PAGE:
Each satellite must weigh 400 pounds or less and be prepared to ride into orbit for free on an ESPA ring. In order to keep the weight of the satellite down, we must use lasers for power beaming because the microwave systems are way too large. There is a benefit in this. Neither the Federal Communications Commission nor the International Telegraphic Union need to be consulted for laser energy beaming as there are no associated frequencies that must be deconflicted. Such consultation would be required if we were using microwave.

The “heavy” satellite mission represents a more complicated set of tasks and greater expense than its counterpart. It will place on orbit a satellite that will collect power and broadcast it to Earth via laser (1.0 or 0.86 microns). In order to keep the size of the solar array light and manageable, we will accept several orbits to allow the satellite to store energy and build up a sufficient charge for broadcast to the ground receiving station where the lightbulb will be illuminated. The use of a positive control laser at the ground receiving station will be used to allow the satellite to aim its laser precisely at the receiver and to authorize its discharge.

The “light” satellite mission turns the experiment on its head. It will place on orbit a satellite that merely contains a receiver and the lightbulb that will be illuminated by a ground-based laser (1.0 or 0.86 microns). Visual observation of the light on the satellite being illuminated during the laser broadcast will indicate success.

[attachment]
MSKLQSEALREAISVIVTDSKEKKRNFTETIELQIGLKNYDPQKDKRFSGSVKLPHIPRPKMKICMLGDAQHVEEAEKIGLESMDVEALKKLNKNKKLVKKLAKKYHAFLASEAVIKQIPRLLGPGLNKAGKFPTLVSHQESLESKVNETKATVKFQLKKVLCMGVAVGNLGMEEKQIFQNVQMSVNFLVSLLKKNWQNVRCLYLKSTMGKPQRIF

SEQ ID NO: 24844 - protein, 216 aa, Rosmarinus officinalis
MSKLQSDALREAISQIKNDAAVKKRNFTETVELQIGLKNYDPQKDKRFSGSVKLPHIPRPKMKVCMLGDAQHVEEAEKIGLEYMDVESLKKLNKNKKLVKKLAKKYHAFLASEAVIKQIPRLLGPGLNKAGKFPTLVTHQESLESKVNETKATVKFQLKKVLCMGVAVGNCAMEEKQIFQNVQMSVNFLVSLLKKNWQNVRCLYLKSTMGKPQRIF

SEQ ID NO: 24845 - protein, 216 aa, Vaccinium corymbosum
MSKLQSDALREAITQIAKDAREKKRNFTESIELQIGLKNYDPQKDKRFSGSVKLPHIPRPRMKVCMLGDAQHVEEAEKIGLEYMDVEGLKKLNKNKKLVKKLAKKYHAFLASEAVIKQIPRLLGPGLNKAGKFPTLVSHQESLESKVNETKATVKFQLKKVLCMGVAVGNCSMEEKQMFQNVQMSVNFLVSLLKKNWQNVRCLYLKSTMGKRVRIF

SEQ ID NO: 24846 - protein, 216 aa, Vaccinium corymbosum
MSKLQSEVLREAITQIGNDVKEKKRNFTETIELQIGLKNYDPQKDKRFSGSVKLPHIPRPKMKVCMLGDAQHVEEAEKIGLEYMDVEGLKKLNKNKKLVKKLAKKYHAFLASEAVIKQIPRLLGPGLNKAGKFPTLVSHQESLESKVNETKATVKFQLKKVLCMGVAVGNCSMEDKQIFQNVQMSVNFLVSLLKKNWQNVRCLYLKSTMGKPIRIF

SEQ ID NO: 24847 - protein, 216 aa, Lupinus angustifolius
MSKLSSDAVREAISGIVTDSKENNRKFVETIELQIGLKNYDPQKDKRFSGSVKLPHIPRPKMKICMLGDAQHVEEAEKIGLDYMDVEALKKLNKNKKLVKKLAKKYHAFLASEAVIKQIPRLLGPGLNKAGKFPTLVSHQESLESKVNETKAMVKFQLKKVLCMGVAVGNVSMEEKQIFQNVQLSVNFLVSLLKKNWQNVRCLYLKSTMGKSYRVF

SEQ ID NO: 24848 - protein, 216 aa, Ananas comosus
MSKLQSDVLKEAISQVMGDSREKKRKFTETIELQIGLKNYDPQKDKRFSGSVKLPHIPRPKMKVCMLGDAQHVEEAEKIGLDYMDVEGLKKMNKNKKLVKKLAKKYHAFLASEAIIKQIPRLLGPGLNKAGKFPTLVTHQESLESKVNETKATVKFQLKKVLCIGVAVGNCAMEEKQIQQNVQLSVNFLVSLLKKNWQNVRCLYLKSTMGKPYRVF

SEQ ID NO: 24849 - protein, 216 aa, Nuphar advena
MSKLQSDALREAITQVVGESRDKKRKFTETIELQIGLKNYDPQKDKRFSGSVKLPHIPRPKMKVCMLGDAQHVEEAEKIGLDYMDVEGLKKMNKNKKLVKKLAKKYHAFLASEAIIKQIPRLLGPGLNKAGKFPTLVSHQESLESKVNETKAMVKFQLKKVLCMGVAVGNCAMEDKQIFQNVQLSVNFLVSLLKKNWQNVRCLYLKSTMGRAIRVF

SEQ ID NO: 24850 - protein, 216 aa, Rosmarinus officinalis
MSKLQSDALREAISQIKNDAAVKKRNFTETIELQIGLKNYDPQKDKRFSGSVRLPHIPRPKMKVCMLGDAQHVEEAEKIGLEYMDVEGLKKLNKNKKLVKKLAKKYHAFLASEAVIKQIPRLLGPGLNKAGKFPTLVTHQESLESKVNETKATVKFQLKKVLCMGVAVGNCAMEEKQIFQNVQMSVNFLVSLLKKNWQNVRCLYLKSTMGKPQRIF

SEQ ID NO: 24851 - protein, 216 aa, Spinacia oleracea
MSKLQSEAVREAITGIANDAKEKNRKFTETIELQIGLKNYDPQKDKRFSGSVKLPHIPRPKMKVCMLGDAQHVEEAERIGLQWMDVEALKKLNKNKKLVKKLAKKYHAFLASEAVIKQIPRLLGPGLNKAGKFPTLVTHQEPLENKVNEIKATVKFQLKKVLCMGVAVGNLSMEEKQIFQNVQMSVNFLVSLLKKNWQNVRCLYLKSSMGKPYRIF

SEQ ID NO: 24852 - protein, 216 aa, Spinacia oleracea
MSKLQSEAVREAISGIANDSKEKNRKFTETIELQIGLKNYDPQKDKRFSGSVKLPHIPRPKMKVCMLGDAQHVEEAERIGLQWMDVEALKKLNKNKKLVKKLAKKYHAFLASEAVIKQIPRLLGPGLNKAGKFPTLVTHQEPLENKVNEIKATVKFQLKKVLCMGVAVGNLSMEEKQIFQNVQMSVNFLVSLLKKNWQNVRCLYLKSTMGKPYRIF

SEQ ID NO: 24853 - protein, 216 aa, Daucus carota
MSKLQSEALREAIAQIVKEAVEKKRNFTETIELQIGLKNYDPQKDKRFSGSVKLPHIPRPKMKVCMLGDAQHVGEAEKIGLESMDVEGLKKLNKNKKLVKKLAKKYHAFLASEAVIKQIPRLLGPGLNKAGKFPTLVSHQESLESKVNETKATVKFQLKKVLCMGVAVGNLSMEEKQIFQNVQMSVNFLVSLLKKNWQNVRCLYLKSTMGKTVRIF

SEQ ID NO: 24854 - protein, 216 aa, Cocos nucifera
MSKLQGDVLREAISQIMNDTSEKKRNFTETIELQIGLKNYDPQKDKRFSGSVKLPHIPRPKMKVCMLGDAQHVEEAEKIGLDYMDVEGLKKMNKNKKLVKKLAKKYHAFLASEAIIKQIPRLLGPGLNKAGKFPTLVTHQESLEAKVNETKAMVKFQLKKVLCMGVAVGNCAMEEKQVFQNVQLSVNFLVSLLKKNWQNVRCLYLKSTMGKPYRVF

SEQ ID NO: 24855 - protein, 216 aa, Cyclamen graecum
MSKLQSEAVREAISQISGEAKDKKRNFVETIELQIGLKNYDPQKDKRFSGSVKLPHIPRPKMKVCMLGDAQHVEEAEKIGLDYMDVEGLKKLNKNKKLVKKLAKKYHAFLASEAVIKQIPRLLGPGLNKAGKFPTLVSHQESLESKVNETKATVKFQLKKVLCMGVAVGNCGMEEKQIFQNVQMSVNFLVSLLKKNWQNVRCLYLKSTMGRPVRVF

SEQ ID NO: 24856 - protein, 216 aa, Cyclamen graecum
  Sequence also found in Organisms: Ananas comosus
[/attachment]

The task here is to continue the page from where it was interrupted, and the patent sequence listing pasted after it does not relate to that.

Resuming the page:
To keep the project as cheap as possible, the use of existing ground equipment is desired. Using simple satellite designs and employing proven hardware is also desired.

The satellites need not have a long on-orbit life and our goal is to allow them to safely deorbit at any time after successfully completing the experiment, which will likely include the requirement for replication by independent observers.

Limitations:

International Traffic in Ams Regulations (ITAR), which I hate with a passion, prevents us from working with non-US universities and non-US citizens.  (I personally cheer on all attempts to improve ITAR (WIHWAP) so we can collaborate more broadly with our traditional and especially our non-traditional international partners.)

Money is a factor. We have to do this on the cheap. Ambassador Harrison is exploring ways that organizations and individuals can make tax deductible contributions to educational institutions which can be used to fund this project. In addition, I am sure he’ll accept funding from government organizations that would like to advance this concept.